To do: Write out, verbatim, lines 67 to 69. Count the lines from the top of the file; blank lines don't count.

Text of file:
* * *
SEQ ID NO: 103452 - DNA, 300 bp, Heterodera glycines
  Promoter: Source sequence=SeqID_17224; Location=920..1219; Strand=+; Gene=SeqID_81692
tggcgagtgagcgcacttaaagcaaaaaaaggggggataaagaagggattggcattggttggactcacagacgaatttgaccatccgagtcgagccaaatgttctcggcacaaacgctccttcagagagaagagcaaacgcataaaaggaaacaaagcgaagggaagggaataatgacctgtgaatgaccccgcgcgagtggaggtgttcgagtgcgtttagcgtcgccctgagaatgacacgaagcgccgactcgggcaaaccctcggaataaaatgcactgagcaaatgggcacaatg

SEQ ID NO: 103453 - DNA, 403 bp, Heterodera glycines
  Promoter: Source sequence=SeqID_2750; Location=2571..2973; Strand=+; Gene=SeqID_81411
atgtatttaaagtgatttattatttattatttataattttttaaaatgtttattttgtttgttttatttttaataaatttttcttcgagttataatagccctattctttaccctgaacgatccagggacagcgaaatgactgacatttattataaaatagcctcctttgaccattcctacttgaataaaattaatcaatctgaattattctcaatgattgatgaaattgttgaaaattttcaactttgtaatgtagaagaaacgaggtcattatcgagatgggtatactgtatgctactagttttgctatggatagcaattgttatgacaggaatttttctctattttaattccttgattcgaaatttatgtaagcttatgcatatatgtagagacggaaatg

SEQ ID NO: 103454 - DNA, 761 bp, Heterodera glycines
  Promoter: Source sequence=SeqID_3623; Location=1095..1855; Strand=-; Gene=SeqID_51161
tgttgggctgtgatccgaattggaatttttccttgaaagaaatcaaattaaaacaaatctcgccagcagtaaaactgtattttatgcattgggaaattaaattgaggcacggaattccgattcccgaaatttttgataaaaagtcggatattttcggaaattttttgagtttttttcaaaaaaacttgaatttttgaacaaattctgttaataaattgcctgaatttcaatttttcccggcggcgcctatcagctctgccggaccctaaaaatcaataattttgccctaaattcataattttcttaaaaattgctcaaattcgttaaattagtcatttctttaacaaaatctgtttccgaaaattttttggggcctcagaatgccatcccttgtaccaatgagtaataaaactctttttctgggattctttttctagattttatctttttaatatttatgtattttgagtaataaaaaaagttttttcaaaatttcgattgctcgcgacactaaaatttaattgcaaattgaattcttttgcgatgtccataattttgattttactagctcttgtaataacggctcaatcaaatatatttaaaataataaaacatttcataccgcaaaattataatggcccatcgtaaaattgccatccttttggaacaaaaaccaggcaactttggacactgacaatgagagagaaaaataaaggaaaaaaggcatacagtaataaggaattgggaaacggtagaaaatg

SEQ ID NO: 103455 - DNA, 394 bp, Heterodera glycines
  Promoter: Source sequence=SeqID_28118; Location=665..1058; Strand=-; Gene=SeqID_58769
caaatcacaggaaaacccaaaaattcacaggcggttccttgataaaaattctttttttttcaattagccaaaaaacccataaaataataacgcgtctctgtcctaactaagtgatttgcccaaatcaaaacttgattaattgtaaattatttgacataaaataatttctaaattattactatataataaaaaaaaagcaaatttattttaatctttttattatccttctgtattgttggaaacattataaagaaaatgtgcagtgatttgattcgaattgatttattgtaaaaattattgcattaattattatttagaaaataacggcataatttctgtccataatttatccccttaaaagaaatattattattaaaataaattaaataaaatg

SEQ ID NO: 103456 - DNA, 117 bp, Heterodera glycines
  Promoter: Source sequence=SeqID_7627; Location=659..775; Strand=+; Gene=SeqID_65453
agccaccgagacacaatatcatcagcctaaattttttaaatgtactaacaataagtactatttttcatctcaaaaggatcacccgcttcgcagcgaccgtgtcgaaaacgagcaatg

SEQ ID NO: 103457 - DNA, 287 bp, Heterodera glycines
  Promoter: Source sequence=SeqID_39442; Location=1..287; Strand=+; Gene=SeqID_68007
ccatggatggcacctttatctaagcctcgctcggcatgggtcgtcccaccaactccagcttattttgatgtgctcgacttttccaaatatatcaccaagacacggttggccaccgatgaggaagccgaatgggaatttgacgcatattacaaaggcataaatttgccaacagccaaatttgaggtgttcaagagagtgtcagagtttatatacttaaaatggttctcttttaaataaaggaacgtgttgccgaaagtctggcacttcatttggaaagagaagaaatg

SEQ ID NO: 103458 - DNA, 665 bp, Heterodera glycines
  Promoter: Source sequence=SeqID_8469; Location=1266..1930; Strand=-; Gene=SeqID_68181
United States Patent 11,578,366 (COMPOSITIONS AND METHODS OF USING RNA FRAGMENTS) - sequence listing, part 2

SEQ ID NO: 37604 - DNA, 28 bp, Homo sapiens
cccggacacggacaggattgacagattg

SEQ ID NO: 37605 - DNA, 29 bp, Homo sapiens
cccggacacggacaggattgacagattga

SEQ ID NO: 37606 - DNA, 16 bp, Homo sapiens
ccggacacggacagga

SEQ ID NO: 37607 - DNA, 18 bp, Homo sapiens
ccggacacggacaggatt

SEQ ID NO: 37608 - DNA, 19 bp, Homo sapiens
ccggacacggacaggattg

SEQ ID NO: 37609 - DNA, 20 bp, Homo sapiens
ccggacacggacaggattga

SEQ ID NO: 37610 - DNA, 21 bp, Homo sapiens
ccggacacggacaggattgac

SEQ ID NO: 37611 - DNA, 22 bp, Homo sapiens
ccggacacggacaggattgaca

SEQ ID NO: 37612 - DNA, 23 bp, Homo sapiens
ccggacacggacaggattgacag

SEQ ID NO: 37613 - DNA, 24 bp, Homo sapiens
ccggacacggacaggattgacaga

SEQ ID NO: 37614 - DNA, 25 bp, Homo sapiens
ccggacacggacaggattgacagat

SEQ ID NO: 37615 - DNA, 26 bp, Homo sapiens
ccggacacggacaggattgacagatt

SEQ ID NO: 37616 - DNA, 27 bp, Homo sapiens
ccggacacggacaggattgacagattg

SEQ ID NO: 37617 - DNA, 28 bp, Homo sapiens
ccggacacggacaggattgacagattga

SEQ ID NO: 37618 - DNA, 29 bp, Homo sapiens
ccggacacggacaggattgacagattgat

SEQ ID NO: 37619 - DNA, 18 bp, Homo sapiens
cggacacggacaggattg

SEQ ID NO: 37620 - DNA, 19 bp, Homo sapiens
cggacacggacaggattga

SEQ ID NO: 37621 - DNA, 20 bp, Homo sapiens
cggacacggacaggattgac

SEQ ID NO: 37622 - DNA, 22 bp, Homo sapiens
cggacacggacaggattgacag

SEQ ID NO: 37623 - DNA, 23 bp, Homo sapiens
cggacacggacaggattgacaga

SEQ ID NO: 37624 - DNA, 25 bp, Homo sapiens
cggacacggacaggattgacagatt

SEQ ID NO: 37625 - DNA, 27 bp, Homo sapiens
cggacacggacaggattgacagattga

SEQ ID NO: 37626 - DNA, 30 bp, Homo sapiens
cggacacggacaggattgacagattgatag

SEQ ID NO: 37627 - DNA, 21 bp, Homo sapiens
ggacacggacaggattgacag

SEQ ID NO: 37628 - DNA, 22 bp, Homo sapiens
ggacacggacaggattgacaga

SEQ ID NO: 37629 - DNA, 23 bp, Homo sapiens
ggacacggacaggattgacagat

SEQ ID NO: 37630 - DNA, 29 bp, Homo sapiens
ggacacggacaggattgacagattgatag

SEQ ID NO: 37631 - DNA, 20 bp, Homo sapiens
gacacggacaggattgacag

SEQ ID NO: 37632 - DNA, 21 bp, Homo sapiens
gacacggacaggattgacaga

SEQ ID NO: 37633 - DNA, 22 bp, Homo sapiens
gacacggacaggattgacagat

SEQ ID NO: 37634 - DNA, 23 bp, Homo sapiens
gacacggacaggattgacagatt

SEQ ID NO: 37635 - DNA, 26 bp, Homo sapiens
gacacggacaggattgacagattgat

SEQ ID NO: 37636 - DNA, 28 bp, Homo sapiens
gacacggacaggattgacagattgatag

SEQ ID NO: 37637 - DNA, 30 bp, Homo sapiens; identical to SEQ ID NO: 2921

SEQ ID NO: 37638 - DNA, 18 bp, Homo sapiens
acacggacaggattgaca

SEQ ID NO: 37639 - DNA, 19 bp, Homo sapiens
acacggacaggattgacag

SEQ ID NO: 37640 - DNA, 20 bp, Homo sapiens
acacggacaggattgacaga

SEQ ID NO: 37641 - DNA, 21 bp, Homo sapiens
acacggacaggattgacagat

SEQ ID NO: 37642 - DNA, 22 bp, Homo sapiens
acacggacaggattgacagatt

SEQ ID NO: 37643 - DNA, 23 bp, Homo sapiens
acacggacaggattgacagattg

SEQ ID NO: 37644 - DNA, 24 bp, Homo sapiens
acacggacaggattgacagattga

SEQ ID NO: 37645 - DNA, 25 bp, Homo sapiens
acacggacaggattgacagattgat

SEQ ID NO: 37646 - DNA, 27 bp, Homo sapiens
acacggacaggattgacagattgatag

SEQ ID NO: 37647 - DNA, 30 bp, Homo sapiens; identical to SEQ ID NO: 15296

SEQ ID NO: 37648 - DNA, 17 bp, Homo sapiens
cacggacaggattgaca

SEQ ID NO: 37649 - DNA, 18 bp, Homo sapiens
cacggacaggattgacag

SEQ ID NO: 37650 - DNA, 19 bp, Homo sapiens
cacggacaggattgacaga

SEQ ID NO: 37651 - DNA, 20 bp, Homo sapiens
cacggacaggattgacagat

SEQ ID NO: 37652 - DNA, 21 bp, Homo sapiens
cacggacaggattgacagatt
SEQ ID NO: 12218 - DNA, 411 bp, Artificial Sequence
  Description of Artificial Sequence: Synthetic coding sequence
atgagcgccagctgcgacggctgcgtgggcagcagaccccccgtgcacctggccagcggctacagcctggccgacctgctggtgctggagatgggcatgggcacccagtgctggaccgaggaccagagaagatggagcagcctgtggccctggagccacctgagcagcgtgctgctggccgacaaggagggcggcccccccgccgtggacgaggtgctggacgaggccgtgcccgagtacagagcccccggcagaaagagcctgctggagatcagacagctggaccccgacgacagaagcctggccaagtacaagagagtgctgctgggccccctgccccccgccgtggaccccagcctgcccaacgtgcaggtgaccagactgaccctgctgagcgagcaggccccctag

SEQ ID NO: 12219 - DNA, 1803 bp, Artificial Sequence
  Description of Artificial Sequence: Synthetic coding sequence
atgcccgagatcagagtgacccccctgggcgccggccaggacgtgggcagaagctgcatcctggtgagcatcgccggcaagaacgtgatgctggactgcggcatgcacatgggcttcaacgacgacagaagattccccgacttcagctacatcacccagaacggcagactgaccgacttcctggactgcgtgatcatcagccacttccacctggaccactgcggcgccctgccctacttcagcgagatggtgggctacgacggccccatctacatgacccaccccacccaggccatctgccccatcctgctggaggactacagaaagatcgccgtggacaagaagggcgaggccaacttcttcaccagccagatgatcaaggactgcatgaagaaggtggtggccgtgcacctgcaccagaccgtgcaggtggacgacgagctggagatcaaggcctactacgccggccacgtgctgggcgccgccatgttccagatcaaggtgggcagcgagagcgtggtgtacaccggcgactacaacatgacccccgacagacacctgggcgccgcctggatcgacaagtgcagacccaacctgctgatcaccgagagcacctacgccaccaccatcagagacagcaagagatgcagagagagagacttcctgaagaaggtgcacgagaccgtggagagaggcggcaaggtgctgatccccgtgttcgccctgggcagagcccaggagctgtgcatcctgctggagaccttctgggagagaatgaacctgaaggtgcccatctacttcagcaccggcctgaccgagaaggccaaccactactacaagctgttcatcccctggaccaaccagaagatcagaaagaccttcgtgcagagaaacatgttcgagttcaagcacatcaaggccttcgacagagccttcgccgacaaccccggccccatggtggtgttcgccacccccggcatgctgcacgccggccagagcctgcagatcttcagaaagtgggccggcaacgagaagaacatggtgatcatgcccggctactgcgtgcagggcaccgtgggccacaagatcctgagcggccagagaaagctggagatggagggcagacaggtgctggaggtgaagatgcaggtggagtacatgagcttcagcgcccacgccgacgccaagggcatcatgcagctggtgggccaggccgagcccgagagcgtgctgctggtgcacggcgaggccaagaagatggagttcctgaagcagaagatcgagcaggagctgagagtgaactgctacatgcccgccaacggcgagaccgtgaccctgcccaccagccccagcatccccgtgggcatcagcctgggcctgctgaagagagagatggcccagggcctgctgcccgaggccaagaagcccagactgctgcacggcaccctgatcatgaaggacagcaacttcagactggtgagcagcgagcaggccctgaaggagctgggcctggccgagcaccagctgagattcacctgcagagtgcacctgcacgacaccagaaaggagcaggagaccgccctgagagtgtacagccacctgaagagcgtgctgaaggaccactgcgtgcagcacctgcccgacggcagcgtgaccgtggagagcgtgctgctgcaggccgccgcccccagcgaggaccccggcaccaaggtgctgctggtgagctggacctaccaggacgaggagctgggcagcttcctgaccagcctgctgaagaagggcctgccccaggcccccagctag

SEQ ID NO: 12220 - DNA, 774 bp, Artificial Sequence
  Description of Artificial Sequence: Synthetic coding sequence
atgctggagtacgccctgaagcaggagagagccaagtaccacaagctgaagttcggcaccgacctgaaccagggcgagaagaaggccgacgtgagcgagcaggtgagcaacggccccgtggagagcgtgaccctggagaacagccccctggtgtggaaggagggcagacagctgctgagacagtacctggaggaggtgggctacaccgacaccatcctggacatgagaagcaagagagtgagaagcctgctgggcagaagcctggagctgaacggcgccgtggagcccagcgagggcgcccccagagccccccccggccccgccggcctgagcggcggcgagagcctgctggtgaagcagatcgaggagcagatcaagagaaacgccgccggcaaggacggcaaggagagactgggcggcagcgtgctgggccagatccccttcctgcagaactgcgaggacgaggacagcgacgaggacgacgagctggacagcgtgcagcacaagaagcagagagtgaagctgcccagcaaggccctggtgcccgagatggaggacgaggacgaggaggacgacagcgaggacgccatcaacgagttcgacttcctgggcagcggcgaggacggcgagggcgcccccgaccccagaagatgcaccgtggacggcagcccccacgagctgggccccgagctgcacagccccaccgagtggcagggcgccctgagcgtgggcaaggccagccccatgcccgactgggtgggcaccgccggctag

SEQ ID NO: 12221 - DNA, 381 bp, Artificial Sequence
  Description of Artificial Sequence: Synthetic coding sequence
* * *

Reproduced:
cggacacggacaggattgacagattgatag

SEQ ID NO: 37627 - DNA, 21 bp, Homo sapiens
ggacacggacaggattgacag